@property(readonly) BOOL allowsKeyedCoding

    Discussion

    NOfalse by default. Concrete subclasses that support keyed coding, such as NSKeyedArchiver, need to override this property to return YEStrue.

    Availability

    Available in OS X v10.2 and later.

  • Returns a Boolean value that indicates whether an encoded value is available for a string.

    Declaration

    Swift

    func containsValueForKey(_ key: String) -> Bool

    Objective-C

    - (BOOL)containsValueForKey:(NSString *)key

    Discussion

    Subclasses must override this method if they perform keyed coding.

    The string is passed as key.

    Availability

    Available in OS X v10.2 and later.

  • - decodeNXColor (OS X v10.9)

    Decodes a color structure from NEXTSTEP Release 3 or earlier and returns an NSColor object.

    Declaration

    Objective-C

    - (NSColor *)decodeNXColor

    Return Value

    An autoreleased NSColor object. Returns nil if the archived color is invalid.

    Discussion

    This method does not have a matching method for encoding an NXColor structure. Encode an NSColor object instead.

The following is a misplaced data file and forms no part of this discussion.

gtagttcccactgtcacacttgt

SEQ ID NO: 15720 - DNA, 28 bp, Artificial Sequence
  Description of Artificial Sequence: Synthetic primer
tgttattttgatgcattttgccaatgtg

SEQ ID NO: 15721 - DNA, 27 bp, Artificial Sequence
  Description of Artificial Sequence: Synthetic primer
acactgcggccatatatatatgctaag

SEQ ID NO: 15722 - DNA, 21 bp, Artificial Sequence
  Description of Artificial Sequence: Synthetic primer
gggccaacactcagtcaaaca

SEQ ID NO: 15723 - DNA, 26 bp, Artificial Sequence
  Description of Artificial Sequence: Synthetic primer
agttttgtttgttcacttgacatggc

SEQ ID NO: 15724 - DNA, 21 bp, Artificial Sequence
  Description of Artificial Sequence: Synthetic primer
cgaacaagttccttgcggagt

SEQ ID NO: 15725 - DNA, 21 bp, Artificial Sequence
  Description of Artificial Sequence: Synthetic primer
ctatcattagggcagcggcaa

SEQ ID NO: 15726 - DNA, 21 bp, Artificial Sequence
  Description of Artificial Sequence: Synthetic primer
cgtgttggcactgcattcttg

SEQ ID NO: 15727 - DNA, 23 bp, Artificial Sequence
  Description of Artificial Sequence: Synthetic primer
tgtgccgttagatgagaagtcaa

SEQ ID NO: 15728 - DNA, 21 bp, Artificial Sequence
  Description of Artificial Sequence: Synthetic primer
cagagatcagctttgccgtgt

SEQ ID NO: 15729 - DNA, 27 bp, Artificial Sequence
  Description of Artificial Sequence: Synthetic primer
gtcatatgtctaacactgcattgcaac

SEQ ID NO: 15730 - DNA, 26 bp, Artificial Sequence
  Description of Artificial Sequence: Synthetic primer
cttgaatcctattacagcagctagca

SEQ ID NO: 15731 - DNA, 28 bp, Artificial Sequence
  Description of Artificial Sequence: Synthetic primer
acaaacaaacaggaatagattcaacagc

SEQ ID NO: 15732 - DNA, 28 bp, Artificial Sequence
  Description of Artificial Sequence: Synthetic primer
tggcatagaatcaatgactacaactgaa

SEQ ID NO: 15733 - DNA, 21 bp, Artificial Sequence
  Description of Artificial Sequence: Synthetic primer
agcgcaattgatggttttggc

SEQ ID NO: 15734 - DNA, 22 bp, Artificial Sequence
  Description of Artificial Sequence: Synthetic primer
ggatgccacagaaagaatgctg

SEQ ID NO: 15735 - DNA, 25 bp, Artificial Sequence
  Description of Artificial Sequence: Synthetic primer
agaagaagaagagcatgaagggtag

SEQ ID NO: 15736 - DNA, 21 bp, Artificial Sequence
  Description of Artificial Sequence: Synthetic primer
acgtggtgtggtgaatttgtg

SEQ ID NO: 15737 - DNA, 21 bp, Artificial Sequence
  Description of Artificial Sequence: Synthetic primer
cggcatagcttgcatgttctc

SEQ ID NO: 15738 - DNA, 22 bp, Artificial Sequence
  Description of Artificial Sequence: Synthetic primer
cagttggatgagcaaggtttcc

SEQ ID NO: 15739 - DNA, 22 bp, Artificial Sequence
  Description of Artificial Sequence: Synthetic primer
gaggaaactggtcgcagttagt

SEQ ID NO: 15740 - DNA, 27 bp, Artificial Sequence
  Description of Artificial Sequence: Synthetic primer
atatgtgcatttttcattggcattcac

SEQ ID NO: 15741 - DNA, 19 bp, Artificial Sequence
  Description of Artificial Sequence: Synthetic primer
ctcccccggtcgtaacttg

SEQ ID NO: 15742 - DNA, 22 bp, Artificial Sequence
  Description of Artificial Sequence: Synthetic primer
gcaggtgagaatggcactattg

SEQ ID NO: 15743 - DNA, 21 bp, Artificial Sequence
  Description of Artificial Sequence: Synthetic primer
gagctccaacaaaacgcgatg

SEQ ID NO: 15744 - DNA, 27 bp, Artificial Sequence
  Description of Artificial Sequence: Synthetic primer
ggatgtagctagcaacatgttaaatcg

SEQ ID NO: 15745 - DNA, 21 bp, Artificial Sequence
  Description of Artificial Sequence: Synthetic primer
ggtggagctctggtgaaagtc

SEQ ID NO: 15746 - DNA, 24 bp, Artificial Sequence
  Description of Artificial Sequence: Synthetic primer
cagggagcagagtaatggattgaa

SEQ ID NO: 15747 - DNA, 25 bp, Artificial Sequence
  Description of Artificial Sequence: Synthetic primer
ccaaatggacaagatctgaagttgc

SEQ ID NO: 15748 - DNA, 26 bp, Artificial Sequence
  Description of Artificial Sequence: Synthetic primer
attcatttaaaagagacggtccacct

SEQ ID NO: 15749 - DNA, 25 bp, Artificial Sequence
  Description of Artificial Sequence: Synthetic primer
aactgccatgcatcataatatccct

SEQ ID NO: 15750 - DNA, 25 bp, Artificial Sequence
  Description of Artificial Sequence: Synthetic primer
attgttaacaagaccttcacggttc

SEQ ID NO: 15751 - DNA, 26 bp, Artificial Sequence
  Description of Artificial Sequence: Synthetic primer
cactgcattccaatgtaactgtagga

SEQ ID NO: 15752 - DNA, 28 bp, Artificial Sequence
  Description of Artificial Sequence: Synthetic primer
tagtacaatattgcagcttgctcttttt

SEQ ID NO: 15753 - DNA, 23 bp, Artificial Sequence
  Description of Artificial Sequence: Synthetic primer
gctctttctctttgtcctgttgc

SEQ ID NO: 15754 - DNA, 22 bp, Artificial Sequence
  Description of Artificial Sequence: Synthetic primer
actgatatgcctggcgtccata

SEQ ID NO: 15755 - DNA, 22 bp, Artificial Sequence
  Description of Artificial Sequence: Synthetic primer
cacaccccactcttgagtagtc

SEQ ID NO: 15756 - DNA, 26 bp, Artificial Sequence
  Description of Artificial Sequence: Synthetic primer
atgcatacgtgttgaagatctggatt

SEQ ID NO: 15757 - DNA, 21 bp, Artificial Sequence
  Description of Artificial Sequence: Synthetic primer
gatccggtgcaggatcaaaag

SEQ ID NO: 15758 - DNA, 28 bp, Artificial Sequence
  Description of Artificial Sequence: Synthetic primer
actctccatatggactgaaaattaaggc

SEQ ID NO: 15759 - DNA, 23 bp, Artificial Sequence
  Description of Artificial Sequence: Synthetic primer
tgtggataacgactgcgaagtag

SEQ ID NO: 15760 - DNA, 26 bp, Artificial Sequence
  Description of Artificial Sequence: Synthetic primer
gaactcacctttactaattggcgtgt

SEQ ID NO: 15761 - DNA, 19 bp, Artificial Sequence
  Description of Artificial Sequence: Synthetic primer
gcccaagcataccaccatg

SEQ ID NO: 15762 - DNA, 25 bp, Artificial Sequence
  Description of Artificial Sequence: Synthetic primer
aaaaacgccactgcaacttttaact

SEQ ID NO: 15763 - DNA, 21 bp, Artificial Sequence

NXColor, a type that dates from pre-OpenStep versions of NEXTSTEP, was a struct. Its replacement, NSColor, is a class. The difficulties of converting from a struct to a class require a special method like decodeNXColor.

    The decodeNXColor method becomes part of the NSCoder class only for apps that use AppKit.

    Import Statement

    Objective-C

    @import AppKit;

    Availability

    Available in OS X v10.0 and later.

    Deprecated in OS X v10.9.

  • Boolean value that indicates whether the coder requires secure coding. (read-only)

    Declaration

    Swift

    var requiresSecureCoding: Bool { get }

    Objective-C

    @property(readonly) BOOL requiresSecureCoding

    Discussion

    YEStrue if this coder requires secure coding; NOfalse otherwise.

    Secure coders check a set of allowed classes before decoding objects, and all objects must implement the NSSecureCoding protocol.

    Availability